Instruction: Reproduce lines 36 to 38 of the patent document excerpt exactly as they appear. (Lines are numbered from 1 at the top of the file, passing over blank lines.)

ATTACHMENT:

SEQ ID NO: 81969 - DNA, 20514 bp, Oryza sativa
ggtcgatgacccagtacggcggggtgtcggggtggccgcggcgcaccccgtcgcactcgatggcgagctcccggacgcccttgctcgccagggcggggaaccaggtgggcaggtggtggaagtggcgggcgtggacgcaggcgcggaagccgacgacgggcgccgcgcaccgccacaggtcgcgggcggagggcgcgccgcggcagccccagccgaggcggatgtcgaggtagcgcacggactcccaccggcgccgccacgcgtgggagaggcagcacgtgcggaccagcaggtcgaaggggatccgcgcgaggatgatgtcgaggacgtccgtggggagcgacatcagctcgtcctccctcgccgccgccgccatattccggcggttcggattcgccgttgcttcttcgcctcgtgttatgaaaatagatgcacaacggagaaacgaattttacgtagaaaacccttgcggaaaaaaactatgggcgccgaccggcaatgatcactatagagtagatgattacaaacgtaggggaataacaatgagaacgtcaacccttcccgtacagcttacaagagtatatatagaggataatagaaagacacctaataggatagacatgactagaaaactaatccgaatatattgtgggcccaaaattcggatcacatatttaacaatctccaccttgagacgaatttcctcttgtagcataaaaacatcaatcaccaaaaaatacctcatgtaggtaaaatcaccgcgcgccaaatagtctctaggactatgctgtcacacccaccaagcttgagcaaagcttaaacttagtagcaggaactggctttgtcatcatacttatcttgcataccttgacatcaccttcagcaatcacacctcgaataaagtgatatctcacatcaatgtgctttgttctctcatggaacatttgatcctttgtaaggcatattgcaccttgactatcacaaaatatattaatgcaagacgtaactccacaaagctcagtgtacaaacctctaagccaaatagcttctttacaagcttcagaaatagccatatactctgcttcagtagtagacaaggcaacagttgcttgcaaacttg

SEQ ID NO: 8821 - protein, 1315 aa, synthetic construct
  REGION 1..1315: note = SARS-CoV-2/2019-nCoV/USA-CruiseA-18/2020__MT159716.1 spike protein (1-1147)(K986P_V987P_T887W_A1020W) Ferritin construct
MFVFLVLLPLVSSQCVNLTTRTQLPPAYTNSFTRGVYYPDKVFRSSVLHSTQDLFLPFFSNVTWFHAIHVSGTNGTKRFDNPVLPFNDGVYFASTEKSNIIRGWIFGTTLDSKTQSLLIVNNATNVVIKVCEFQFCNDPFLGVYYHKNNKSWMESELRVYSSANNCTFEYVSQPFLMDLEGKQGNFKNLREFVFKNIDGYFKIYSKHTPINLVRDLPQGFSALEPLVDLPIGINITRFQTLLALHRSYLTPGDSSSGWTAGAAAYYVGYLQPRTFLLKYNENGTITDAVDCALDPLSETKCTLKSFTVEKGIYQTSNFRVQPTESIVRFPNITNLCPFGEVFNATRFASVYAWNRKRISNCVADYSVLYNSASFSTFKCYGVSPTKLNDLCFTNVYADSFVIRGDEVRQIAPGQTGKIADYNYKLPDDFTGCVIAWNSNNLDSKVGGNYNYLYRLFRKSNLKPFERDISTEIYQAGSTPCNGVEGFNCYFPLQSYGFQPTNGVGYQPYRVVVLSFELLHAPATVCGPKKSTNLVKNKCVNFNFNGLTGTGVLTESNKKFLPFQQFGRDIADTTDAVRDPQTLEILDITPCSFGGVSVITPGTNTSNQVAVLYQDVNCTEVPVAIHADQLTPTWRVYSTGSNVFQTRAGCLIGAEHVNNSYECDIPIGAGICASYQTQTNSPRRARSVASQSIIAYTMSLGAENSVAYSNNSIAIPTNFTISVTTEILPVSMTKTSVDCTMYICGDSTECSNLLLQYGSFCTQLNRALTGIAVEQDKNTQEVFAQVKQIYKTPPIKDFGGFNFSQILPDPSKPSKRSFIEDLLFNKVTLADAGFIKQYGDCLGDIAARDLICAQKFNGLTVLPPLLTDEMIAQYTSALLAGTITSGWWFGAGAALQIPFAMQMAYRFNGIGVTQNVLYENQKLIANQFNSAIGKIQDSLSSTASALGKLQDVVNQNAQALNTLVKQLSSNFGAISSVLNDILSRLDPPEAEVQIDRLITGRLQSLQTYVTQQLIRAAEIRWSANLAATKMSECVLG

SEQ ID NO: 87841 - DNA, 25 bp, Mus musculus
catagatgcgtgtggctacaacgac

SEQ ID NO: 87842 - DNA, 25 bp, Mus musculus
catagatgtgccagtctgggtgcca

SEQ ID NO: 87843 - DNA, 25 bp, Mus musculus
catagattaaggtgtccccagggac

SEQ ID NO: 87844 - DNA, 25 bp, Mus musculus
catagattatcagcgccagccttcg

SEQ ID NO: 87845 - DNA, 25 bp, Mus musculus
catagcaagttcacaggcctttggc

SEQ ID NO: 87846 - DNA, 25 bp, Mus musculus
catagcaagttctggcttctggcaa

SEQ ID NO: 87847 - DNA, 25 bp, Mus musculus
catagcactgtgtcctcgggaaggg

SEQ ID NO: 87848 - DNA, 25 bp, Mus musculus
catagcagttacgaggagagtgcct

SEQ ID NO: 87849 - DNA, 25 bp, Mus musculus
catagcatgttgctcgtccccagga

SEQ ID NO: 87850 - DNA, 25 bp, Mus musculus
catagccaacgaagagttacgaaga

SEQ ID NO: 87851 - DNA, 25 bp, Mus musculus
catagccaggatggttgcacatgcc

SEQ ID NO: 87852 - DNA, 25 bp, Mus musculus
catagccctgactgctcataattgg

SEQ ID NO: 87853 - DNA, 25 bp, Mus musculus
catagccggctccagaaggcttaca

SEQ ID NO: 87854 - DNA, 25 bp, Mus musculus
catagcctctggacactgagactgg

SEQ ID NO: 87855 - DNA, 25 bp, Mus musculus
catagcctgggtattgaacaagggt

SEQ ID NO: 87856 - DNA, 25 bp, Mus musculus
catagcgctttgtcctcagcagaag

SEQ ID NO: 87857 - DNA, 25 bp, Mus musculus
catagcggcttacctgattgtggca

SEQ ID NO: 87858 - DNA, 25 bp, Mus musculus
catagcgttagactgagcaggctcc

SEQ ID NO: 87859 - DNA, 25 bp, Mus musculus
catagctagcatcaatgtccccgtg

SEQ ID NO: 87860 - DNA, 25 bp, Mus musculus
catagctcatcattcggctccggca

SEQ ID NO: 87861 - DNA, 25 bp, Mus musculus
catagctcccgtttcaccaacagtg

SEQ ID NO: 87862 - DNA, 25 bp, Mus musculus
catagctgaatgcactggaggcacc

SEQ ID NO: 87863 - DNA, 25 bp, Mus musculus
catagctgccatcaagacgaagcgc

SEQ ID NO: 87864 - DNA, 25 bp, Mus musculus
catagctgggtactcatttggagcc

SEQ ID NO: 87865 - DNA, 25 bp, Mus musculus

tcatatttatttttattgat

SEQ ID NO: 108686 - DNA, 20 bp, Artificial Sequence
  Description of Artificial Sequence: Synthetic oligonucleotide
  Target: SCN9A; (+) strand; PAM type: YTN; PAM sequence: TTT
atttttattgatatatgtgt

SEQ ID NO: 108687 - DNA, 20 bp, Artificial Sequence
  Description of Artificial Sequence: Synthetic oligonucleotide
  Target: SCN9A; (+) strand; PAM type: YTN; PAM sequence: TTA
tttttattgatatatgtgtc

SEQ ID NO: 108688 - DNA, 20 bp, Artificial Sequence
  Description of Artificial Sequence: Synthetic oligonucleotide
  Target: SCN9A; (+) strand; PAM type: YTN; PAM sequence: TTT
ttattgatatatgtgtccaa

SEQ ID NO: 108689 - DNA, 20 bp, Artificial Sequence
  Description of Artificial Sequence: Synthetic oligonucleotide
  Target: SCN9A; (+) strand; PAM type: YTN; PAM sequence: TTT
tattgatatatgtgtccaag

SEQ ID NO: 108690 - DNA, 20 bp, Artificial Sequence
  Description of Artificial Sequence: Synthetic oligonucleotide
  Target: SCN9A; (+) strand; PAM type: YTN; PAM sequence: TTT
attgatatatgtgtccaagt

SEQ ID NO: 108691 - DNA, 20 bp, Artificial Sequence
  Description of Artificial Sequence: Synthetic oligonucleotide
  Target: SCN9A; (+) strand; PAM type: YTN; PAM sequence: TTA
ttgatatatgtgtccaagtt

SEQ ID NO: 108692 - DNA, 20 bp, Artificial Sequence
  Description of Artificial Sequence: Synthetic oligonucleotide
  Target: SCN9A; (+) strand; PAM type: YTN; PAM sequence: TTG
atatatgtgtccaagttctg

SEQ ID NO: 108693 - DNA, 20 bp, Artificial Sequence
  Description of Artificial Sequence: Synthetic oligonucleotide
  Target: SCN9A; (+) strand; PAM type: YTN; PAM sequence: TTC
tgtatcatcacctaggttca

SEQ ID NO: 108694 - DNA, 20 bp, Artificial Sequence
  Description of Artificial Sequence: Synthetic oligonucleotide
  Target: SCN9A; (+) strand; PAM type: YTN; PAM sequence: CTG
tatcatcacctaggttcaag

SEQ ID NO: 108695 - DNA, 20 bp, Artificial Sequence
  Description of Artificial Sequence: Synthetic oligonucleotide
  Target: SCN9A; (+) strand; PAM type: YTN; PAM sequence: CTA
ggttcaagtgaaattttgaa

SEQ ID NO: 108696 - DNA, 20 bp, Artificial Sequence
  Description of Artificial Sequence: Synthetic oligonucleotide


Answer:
SEQ ID NO: 87856 - DNA, 25 bp, Mus musculus
catagcgctttgtcctcagcagaag

SEQ ID NO: 87857 - DNA, 25 bp, Mus musculus